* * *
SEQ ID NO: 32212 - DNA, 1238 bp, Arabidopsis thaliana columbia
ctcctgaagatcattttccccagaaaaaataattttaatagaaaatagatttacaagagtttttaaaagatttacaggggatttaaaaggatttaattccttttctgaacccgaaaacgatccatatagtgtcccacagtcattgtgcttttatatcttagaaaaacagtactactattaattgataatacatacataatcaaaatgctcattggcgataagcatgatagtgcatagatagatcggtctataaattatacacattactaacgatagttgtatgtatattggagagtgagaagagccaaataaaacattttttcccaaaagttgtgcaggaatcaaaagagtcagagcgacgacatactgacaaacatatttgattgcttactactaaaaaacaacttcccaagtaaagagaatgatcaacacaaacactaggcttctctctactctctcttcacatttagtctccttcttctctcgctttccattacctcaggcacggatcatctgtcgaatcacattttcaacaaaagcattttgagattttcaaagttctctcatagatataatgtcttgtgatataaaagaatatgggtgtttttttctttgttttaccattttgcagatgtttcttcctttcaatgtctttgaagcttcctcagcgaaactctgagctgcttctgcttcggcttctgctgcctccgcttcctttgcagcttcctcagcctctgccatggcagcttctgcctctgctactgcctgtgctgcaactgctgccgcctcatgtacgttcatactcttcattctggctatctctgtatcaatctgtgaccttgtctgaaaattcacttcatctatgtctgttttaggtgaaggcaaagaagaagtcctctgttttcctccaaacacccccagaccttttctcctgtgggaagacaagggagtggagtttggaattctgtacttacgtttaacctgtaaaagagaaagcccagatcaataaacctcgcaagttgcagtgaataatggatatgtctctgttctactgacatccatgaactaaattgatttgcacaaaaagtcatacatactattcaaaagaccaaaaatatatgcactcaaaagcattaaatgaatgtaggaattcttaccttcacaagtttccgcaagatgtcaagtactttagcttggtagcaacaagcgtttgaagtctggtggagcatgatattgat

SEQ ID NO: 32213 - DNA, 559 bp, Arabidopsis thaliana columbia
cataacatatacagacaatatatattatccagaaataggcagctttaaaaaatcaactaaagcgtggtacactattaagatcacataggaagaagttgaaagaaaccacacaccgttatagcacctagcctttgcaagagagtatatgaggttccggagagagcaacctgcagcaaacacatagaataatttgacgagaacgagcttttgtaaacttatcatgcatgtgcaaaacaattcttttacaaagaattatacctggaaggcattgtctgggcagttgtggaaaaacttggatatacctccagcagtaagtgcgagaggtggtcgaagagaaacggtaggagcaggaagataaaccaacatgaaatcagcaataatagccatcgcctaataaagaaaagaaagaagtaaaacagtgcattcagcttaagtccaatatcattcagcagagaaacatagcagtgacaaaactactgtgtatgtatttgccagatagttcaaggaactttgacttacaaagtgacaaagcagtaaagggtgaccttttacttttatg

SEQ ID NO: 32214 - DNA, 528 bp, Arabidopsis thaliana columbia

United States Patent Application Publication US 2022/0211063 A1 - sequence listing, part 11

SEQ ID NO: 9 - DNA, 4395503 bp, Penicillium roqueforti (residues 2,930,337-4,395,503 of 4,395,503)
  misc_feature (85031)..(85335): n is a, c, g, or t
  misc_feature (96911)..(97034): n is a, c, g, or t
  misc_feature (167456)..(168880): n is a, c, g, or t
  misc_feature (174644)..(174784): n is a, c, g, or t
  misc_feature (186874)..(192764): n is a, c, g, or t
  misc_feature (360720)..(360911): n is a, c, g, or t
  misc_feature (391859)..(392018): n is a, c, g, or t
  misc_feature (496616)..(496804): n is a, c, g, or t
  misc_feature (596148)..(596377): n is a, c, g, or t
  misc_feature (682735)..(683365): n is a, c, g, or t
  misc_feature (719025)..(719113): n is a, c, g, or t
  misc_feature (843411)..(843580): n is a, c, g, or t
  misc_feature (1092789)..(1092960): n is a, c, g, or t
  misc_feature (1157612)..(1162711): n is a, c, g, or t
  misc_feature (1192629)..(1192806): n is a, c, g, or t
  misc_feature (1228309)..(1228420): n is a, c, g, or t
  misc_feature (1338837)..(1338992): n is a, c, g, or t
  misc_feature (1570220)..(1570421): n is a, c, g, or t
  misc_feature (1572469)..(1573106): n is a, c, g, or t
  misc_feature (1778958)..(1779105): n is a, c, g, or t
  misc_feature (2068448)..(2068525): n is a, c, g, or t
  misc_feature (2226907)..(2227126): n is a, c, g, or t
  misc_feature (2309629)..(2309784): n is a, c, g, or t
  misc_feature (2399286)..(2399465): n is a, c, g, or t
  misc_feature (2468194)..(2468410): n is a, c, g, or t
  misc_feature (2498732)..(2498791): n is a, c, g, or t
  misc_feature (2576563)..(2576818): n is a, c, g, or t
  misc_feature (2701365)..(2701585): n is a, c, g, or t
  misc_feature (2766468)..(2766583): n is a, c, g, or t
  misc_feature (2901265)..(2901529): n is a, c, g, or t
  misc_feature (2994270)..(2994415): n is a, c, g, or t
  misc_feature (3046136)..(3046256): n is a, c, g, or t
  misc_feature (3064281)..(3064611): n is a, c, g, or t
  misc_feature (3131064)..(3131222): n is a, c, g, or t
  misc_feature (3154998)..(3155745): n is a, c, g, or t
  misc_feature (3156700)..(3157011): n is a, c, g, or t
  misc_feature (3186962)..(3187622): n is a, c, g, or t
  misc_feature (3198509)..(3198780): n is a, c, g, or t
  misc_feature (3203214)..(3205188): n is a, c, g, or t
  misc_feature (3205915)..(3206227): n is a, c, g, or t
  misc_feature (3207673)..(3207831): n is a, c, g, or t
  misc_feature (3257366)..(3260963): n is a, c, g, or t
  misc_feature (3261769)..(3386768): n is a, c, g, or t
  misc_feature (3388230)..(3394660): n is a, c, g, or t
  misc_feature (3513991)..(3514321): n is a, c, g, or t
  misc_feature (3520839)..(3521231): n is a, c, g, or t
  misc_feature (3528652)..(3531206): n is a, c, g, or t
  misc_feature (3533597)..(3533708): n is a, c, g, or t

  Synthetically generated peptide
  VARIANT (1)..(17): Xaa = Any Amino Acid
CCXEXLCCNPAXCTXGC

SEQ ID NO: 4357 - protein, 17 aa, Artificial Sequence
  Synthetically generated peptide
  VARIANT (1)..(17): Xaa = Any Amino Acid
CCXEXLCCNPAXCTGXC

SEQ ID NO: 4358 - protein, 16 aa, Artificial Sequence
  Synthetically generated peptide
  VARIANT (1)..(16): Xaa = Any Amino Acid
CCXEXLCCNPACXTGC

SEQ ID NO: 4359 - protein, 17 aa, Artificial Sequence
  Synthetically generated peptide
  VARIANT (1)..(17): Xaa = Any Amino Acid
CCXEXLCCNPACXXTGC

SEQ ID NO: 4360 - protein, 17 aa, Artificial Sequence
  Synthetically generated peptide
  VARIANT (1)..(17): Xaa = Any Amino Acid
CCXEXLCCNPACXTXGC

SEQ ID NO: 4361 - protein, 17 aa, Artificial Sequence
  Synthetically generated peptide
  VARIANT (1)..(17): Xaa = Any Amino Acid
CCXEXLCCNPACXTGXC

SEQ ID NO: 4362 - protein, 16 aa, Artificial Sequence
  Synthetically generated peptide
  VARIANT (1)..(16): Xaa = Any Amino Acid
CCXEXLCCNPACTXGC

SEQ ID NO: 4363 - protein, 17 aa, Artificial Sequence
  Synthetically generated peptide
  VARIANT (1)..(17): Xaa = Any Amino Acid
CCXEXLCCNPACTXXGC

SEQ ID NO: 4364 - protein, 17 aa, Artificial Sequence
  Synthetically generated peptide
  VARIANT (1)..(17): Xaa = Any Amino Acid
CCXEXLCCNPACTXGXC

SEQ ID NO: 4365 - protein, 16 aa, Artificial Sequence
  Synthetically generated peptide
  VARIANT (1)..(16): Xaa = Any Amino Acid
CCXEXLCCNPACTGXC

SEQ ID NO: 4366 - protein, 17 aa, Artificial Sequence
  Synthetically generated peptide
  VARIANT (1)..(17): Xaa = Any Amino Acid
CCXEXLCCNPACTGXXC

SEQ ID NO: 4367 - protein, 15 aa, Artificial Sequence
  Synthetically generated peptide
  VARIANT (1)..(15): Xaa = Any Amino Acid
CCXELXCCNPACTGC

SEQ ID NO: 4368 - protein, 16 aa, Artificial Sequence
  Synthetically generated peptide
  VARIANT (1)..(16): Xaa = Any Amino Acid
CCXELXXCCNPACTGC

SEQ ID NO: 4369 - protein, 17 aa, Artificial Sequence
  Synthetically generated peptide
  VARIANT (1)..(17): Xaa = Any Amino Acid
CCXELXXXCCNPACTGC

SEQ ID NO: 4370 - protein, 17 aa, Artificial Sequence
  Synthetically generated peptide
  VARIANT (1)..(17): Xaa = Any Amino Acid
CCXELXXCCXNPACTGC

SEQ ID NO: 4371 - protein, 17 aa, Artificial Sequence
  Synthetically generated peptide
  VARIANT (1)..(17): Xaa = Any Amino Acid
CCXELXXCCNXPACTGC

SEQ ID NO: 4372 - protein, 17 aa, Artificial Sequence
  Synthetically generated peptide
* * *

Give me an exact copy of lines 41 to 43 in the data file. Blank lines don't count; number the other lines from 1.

  misc_feature (3131064)..(3131222): n is a, c, g, or t
  misc_feature (3154998)..(3155745): n is a, c, g, or t
  misc_feature (3156700)..(3157011): n is a, c, g, or t